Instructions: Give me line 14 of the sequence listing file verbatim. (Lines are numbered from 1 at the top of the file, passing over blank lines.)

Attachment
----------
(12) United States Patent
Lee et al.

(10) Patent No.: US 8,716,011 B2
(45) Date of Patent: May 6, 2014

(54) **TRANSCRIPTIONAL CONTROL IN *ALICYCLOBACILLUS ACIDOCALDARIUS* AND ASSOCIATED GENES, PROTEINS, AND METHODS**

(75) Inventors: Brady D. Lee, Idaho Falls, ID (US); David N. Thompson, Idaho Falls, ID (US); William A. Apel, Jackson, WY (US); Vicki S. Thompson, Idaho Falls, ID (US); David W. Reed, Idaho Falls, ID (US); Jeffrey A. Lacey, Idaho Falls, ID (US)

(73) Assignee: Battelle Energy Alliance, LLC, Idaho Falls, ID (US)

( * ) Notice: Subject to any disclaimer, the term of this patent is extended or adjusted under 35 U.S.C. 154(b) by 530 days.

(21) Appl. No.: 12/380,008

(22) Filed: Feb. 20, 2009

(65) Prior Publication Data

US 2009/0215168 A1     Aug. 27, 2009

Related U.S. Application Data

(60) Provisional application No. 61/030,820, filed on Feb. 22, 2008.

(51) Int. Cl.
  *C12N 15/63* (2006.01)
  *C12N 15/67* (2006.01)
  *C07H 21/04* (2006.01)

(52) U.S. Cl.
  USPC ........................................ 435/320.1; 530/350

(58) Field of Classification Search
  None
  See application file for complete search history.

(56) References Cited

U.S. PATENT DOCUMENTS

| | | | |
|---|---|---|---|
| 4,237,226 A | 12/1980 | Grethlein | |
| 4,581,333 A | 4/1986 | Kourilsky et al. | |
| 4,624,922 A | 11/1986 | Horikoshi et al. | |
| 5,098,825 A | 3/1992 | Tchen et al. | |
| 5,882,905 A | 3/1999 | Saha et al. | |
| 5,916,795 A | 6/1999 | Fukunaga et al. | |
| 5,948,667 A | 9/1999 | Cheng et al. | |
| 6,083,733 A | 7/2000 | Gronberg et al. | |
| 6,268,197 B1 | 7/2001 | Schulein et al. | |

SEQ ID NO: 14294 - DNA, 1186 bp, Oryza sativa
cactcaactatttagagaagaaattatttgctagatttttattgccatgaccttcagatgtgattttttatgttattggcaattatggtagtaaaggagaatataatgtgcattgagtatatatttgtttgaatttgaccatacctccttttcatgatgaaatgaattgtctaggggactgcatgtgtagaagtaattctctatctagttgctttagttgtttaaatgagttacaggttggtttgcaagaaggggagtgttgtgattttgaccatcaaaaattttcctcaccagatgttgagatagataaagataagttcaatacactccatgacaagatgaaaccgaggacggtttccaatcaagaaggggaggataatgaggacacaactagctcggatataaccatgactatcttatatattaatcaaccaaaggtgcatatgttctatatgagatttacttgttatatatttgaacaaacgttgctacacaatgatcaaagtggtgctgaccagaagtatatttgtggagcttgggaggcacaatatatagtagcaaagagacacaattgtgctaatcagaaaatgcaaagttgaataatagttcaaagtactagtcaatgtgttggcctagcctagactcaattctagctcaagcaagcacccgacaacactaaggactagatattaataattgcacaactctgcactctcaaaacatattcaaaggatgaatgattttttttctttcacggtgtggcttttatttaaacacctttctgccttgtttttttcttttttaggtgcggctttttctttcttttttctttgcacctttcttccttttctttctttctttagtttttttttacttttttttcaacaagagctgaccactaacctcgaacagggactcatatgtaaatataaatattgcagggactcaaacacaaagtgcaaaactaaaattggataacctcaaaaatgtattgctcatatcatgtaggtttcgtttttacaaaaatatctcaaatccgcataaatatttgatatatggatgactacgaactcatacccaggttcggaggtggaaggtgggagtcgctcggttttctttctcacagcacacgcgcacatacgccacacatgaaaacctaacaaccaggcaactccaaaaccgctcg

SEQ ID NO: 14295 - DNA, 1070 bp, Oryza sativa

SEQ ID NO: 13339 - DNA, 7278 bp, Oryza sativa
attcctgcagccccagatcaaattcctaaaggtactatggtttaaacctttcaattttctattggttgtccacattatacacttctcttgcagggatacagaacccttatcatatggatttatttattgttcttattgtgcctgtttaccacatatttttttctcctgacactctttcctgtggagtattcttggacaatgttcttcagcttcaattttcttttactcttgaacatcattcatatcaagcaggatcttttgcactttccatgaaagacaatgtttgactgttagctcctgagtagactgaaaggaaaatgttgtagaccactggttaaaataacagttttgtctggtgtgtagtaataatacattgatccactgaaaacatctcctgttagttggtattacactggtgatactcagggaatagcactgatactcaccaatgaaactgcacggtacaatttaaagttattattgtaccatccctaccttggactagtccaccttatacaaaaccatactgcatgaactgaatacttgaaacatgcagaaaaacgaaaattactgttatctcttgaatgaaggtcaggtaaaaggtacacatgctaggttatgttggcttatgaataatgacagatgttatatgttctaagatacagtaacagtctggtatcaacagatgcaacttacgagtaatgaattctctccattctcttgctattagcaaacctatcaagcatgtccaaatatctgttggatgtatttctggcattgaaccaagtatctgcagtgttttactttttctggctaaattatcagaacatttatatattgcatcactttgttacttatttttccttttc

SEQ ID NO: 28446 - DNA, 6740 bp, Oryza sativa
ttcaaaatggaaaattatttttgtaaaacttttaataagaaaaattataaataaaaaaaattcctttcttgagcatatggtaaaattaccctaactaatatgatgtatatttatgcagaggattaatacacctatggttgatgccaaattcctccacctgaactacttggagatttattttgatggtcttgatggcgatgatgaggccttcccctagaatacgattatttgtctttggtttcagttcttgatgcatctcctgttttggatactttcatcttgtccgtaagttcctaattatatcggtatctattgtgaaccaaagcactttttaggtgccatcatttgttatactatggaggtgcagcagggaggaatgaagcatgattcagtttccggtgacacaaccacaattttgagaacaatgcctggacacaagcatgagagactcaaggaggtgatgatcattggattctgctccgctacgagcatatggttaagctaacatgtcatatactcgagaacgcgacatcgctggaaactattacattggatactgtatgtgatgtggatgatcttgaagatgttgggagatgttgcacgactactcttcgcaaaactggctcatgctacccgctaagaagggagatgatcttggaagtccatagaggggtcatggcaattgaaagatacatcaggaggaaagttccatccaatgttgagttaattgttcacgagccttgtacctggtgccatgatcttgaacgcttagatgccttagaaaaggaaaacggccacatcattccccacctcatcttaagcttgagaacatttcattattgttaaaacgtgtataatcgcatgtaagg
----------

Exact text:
(60) Provisional application No. 61/030,820, filed on Feb. 22, 2008.